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Race To The Bottom

A Global Minimum Tax: Is This the End of the Race to the Bottom?

May 21, 2021
There are a lot of negotiations that need to conclude for a global minimum tax to come to fruition, and there are a lot of practical questions that need to be resolved before it becomes an effective reality.

Supply chain disruptions have led companies to rethink their global supply chain strategies and their global business models. International trade in goods has plateaued over the years and globalization is evolving to a “think global, make local” model—a shift from the current model of manufacturing items in low-cost countries and then shipping them elsewhere. At the same time, companies are also operating in an increasingly digitalized world—whether that manifests in their internal business processes or value provided to customers.

In step with these changes, the global tax framework is also undergoing a fundamental change from tax competition to tax cooperation. Over the past decades, countries including the United States have reduced tax rates to attract corporate investment. Multinational companies have been able to legitimately reduce their global tax bills by taking advantage of these differences in tax rates and rules. In order to stop a race to the bottom, countries are now planning to come together.

“After decades of undermining one another, 139 rich and poor nations are closing in on a framework for taxing multinational corporations that would be the biggest change in the system since 1923,” according to a Bloomberg Tax article. “The goal is to create a united front to prevent corporations from playing one country off against another, recognizing that a race to the bottom in taxation has no winner, only a bunch of revenue-deprived losers.”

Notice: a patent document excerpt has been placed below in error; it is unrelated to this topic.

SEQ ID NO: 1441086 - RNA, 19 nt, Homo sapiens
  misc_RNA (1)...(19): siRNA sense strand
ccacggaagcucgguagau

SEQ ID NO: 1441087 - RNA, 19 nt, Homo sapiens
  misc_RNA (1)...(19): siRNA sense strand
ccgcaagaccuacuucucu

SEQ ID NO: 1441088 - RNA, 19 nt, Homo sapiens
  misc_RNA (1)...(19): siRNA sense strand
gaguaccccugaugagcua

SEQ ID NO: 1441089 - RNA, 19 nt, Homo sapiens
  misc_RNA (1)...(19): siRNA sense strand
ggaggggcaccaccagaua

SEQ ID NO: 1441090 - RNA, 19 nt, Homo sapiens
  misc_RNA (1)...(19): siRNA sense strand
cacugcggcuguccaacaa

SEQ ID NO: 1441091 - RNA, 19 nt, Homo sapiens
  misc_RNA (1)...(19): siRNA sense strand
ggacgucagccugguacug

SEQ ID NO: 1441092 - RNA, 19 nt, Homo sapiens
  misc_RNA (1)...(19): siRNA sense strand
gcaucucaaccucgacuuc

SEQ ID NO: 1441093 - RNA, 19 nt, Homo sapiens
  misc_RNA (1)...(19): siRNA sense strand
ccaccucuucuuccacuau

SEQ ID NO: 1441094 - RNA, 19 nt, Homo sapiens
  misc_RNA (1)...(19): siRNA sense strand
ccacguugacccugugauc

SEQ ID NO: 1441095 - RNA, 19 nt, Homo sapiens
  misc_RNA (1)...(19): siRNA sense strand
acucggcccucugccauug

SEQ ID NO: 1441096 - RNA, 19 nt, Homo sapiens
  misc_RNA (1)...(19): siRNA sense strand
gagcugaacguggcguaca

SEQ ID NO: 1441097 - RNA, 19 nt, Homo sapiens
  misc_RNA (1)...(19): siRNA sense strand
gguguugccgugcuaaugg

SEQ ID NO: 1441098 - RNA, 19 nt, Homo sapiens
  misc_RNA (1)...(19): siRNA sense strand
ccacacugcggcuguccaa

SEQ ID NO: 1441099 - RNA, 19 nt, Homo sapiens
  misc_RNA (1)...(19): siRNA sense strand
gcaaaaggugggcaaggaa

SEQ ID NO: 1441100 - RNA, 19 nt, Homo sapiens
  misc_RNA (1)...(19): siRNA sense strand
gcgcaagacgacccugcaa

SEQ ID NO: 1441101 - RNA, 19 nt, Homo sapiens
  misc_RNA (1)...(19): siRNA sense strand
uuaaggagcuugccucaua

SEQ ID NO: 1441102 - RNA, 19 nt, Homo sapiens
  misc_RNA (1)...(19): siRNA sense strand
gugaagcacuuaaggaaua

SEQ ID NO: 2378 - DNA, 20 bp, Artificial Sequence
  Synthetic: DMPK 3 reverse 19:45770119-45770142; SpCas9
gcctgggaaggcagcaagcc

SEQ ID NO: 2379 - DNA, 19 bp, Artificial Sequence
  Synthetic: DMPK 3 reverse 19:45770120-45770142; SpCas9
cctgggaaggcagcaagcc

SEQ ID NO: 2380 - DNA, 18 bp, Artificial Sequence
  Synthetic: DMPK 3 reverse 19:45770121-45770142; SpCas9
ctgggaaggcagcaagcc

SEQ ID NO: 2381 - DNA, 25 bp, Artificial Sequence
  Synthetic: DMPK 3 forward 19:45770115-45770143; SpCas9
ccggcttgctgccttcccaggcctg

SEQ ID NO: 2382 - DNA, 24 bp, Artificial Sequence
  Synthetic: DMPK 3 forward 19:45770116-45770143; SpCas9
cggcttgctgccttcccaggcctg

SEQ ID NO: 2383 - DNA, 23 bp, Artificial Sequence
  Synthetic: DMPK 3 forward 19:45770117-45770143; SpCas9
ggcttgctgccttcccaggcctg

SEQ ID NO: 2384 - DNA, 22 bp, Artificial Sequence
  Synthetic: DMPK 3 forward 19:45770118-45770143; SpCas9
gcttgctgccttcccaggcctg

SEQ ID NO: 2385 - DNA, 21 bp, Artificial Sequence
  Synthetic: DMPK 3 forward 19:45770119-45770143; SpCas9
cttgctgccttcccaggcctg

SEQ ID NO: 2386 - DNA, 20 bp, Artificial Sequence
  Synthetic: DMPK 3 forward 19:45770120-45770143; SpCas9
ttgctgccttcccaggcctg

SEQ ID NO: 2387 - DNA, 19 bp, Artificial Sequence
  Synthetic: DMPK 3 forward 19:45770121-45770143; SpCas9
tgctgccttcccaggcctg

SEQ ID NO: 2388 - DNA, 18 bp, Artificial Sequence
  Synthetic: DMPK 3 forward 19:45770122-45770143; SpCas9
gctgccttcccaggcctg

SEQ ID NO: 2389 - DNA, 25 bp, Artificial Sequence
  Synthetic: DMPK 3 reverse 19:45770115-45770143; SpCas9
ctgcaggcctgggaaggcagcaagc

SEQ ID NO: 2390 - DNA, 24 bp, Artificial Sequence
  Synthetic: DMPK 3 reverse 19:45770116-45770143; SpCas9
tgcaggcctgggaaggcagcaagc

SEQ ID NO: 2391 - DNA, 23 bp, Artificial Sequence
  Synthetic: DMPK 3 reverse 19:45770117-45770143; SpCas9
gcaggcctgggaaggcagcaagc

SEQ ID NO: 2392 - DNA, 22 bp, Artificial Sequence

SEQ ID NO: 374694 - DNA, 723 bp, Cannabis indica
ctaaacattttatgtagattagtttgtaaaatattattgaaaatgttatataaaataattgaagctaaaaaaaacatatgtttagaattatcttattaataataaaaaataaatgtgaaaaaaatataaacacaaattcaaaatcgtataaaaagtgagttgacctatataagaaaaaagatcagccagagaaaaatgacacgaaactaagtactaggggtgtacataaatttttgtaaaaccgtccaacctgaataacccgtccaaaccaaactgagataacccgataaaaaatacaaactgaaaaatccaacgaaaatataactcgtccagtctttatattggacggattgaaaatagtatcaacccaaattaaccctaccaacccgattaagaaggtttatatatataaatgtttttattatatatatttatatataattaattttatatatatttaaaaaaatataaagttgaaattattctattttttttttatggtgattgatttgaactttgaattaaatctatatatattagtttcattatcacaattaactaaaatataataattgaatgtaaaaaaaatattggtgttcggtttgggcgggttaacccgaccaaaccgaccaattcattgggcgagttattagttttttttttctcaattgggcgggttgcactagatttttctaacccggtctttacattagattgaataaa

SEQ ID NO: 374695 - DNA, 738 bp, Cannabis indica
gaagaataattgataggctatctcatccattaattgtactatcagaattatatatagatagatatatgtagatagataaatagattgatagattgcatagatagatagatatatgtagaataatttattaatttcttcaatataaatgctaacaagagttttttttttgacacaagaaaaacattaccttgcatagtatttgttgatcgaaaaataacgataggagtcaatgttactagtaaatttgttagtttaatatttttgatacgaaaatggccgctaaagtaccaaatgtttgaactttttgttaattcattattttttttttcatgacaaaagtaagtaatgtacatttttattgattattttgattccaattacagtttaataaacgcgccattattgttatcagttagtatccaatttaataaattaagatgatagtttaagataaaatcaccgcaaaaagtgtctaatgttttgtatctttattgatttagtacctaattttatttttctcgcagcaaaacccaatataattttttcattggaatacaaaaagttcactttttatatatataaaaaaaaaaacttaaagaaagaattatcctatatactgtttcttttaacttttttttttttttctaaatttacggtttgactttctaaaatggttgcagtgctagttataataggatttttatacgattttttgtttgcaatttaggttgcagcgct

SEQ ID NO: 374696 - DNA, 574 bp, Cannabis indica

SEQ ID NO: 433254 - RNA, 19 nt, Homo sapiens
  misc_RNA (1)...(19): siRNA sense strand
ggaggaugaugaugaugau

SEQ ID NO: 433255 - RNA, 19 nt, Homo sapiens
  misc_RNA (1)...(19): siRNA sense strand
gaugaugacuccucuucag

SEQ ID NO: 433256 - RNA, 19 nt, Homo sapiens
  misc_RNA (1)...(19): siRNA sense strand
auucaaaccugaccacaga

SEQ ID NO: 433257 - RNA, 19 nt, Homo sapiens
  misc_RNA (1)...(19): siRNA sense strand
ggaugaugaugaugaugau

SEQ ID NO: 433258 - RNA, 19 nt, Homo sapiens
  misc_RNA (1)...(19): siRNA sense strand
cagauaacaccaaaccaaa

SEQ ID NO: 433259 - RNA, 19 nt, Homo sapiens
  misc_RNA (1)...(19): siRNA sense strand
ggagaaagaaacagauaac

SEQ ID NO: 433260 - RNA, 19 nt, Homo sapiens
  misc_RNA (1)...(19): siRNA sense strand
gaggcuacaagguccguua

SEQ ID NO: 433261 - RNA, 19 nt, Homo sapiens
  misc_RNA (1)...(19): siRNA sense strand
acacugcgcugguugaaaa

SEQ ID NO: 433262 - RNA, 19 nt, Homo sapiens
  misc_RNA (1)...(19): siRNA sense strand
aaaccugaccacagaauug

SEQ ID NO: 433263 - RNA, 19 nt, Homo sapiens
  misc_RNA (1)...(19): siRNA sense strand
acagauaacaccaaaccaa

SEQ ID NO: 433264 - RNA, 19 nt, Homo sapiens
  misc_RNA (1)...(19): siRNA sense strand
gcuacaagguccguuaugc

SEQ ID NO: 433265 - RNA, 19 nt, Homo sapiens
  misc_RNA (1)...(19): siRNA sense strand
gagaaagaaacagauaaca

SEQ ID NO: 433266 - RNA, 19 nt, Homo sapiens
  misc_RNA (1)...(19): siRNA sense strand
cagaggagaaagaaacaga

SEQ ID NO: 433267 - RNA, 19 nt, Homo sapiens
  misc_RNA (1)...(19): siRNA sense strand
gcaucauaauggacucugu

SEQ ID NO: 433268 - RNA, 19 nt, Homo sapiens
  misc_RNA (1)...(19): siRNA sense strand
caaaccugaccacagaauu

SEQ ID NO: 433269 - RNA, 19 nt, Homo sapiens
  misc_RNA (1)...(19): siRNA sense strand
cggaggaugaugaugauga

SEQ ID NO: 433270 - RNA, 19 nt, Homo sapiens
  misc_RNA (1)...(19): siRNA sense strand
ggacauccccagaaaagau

One potential avenue global leaders are exploring is a global minimum tax that envisages companies paying a minimum tax on their global revenues. Here’s an example of how such a system might work, as explained in a paper for the Atlantic Council by Jeff Goldstein, a former special assistant to the chairman of the White House Council of Economic Advisers:

[A]ssume Country A has a corporate tax rate of 20% and Country B has a corporate tax rate of 11%. The global minimum tax rate is 15%, and Company X is headquartered in Country A but reports income in Country B. Country A would ‘top-up’ the taxes paid on profits earned by Company X in Country B in a manner equal to the percentage-point difference between Country B’s rate of 11% and the global minimum of 15% (e.g., Company X would pay in taxes an additional 4% of profits reported in Country B). This approach would set a floor on the collection of global tax revenue and help alter corporate incentives because companies would know that profits shifted to tax havens would face incremental taxation.

The idea for a global minimum tax was originally proposed in 2019 by the Organisation for Economic Co-operation and Development (a group of 35 mostly developed countries) alongside a digital tax. While the U.S. tax rules already include a version of a minimum tax on global profits, President Biden is proposing to increase this minimum tax rate from 10.5% to 21% on U.S. companies’ foreign income to counter international tax planning strategies that take advantage of tax rate arbitrage. In line with this, Treasury Secretary Janet Yellen is working with other countries to forge an agreement on a global minimum tax. France and Germany have pledged their support, while others including countries that use low tax rates to attract foreign investment are still in discussions.